Mrs. Caudle's curtain lectures/Lecture 26

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Mrs. Caudle's curtain lectures by Douglas William Jerrold
Lecture 26

LECTURE XXVI.

MRS. CAUDLE'S FIRST NIGHT IN FRANCE—"SHAMEFUL INDIFFERENCE" OF CAUDLE AT THE BOULOGNE CUSTOM HOUSE.

"I
SUPPOSE, Mr. Caudle, you call yourself a man? I'm sure such men should never have wives. If I could have thought it possible you'd have behaved as you have done—and I might, if I hadn't been a forgiving creature, for you've never been like anybody else—if I could only have thought it, you'd never have dragged me to foreign parts. Never! Well, I did say to myself, if he goes to France, perhaps he may catch a little politeness—but no; you began as Caudle, and as Caudle you'll end. I'm to be neglected through life, now. Oh yes! I've quite given up all thoughts of anything but wretchedness—I've made up my mind to misery, now.

"You're glad of it?

"Well, you must have a heart to say that. I declare to you, Caudle, as true as I'm an ill-used woman, if it wasn't for the dear children far away in blessed England—if it wasn't for them, I'd never go back with you. No: I'd leave you in this very place. Yes; I'd go into a convent; for a lady on board told me there was plenty of 'em here. I'd go and be a nun for the rest of my days, and—I see nothing to laugh at, Mr. Caudle; that you should be shaking the bed-things up and down in that way. But you always laugh at people's feelings; I wish you'd only some yourself. I'd be a nun, or a Sister of Charity.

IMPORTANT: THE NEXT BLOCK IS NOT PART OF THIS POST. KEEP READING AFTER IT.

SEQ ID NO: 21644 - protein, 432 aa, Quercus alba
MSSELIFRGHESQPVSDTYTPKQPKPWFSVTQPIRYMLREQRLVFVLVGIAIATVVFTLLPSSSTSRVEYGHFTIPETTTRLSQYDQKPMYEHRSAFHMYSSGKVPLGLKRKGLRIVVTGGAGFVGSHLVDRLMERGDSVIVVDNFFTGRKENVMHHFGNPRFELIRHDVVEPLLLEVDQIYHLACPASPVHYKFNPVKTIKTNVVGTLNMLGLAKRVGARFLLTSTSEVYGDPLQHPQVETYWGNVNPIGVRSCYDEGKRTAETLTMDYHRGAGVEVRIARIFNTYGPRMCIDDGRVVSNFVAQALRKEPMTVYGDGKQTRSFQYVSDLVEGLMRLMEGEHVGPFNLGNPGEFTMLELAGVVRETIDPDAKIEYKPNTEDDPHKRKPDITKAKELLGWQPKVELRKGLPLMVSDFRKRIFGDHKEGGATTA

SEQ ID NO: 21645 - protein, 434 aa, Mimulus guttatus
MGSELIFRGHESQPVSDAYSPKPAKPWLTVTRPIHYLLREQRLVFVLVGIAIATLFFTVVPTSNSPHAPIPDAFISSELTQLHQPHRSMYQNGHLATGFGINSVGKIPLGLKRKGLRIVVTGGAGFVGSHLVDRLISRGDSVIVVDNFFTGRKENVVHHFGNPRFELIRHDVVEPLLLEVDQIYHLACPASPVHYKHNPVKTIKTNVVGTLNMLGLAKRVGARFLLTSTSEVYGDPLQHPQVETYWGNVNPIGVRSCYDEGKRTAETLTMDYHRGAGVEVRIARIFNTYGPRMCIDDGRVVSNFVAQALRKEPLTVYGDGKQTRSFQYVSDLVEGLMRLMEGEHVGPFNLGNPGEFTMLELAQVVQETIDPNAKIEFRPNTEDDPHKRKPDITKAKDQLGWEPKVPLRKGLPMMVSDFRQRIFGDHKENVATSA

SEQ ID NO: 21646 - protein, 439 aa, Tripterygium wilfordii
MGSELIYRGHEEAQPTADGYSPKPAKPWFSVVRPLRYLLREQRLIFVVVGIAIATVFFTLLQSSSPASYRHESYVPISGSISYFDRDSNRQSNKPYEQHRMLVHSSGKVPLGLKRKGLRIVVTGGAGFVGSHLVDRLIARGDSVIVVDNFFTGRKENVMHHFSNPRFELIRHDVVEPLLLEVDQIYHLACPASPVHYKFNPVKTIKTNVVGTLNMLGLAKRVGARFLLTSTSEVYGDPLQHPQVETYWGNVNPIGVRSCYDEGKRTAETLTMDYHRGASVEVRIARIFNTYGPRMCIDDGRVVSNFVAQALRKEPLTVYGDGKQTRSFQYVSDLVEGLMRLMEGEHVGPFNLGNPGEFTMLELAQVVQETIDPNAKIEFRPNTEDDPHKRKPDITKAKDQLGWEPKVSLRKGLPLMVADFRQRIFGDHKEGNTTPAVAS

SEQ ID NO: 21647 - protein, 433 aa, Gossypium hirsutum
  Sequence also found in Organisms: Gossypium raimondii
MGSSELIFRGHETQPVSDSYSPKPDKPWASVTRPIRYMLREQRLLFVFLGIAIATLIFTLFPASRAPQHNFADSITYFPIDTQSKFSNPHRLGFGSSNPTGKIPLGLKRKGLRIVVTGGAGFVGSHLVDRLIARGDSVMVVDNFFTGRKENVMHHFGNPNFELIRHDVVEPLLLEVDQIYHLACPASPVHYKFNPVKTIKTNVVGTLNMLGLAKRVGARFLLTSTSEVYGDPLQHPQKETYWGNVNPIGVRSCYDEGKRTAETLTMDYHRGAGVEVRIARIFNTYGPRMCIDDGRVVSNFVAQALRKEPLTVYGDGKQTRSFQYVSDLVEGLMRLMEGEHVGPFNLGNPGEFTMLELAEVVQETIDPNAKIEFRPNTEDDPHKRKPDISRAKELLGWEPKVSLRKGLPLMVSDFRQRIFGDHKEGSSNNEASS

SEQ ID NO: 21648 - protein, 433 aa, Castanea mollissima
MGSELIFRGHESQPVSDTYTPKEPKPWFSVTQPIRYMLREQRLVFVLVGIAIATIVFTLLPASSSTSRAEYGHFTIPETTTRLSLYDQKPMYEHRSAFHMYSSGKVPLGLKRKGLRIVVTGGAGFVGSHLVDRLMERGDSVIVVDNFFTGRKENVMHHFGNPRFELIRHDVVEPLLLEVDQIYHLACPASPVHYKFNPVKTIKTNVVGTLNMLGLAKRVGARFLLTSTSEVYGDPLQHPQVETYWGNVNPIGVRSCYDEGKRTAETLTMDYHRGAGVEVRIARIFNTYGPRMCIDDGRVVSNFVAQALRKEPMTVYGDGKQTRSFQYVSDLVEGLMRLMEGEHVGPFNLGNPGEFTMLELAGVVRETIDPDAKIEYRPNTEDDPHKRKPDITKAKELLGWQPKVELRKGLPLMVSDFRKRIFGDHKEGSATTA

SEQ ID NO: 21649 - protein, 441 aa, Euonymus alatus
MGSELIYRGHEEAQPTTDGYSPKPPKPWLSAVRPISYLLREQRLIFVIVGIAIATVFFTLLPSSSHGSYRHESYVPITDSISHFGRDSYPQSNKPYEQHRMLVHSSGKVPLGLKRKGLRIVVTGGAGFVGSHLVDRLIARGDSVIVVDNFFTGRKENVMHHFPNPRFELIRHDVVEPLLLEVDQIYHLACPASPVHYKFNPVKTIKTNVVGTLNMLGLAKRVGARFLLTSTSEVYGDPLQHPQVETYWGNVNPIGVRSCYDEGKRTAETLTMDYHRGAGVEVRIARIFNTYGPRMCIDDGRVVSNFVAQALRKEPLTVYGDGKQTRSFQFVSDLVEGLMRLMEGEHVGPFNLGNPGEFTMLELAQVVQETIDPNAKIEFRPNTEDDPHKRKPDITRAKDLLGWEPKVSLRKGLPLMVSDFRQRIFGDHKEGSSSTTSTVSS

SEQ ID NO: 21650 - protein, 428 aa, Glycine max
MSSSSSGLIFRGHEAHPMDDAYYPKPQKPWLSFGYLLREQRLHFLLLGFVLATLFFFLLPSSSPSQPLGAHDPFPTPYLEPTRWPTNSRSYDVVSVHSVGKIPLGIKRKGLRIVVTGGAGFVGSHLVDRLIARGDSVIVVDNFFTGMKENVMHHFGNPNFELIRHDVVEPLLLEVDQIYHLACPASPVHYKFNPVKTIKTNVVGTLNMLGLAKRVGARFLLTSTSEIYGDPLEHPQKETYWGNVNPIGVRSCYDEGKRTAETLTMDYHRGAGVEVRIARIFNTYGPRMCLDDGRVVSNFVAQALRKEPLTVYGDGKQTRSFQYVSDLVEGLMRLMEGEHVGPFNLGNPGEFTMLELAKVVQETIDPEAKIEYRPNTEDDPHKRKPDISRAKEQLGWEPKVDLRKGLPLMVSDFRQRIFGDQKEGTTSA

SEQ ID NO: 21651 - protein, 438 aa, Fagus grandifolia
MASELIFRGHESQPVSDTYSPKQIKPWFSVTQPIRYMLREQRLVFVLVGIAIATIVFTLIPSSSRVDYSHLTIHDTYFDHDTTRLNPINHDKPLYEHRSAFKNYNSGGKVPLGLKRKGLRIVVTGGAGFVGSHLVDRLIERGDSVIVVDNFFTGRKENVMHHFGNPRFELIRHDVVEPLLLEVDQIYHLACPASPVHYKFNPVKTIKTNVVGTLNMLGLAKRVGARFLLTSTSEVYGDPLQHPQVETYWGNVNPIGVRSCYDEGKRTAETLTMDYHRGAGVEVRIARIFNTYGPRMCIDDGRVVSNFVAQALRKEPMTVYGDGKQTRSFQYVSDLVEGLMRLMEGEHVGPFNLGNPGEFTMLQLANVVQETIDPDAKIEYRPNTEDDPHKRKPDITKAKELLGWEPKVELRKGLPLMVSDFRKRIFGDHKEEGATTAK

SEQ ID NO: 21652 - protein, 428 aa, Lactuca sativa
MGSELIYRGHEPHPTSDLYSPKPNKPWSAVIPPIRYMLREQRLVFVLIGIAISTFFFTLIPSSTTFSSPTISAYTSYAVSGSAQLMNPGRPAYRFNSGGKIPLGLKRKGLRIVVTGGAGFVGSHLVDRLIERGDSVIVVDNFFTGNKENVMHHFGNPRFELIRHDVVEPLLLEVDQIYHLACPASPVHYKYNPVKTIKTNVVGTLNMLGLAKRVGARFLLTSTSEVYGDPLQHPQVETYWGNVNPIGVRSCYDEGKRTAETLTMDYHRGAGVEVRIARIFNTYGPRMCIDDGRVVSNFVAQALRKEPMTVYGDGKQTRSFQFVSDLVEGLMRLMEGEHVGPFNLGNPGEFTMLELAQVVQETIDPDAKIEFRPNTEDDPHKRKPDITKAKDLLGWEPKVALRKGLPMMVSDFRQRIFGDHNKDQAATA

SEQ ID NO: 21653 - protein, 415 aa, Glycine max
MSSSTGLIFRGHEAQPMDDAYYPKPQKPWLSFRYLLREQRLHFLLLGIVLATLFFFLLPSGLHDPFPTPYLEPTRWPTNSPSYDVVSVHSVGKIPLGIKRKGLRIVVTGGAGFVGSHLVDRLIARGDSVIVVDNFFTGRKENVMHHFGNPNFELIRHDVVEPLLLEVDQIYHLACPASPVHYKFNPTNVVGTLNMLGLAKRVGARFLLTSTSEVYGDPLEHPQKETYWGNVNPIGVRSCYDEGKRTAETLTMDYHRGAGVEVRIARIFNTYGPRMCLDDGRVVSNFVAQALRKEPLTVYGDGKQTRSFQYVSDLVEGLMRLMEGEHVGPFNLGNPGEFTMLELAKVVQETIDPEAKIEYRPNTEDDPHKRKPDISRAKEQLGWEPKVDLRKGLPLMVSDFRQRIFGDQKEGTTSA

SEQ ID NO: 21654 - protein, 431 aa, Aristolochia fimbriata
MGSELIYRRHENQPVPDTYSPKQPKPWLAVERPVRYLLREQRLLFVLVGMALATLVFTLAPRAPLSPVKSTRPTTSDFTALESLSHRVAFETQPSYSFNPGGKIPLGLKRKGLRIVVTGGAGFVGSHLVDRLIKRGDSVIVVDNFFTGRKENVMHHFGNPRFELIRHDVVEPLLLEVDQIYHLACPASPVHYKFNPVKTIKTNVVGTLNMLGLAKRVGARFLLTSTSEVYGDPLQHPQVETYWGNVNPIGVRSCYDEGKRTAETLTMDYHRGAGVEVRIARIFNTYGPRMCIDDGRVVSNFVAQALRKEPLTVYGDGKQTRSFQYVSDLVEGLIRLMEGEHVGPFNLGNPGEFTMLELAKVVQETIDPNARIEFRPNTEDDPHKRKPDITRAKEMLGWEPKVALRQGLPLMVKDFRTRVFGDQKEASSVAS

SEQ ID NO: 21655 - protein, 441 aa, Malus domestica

"Impossible?

"Ha! Mr. Caudle, you don't know even now what I can be when my blood's up. You've trod upon the worm long enough; some day won't you be sorry for it!

"Now, none of your profane cryings out! You needn't talk about Heaven in that way: I'm sure you're the last person who ought. What I say is this. Your conduct at the Custom House was shameful—cruel! And in a foreign land, too! But you brought me here that I might be insulted; you'd no other reason for dragging me from England. Ha! let me once get home, Mr. Caudle, and you may wear your tongue out before you get me into outlandish places again.

"What have you done?

"There, now; that's where you're so aggravating. You behave worse than any Turk to me,—what?

"You wish you were a Turk?

"Well, I think that's a pretty wish before your lawful wife! Yes—a nice Turk you'd make, wouldn't you? Don't think it.

"What have you done?

"Well, it's a good thing I can't see you, for I'm sure you must blush. Done, indeed!

"Why, when the brutes searched my basket at the Custom House!

"A regular thing, is it?

"Then if you knew that, why did you bring me here?

No man who respected his wife would. And you could stand by, and see that fellow with mustachios rummage my basket; and pull out my night-cap and rumple the borders, and—well! if you'd had the proper feelings of a husband, your blood would have boiled again. But no! There you stood looking as mild as butter at the man, and never said a word; not when he crumpled my

The brutes searched Mrs. Caudle's basket at the Custom House.jpg

"THE BRUTES SEARCHED MRS. CAUDLE'S BASKET AT THE CUSTOM HOUSE."

night-cap—it went to my heart like a stab—crumpled it as if it were any duster. I dare say if it had been Miss Prettyman's night-cap—oh, I don't care about your groaning—if it had been her night-cap, her hair-brush her curl-papers, you'd have said something then. Oh, anybody with the spirit of a man would have spoken out if the fellow had had a thousand swords at his side. Well, all I know is this: if I'd have married somebody I could name, he wouldn't have suffered me to be treated in that way, not he!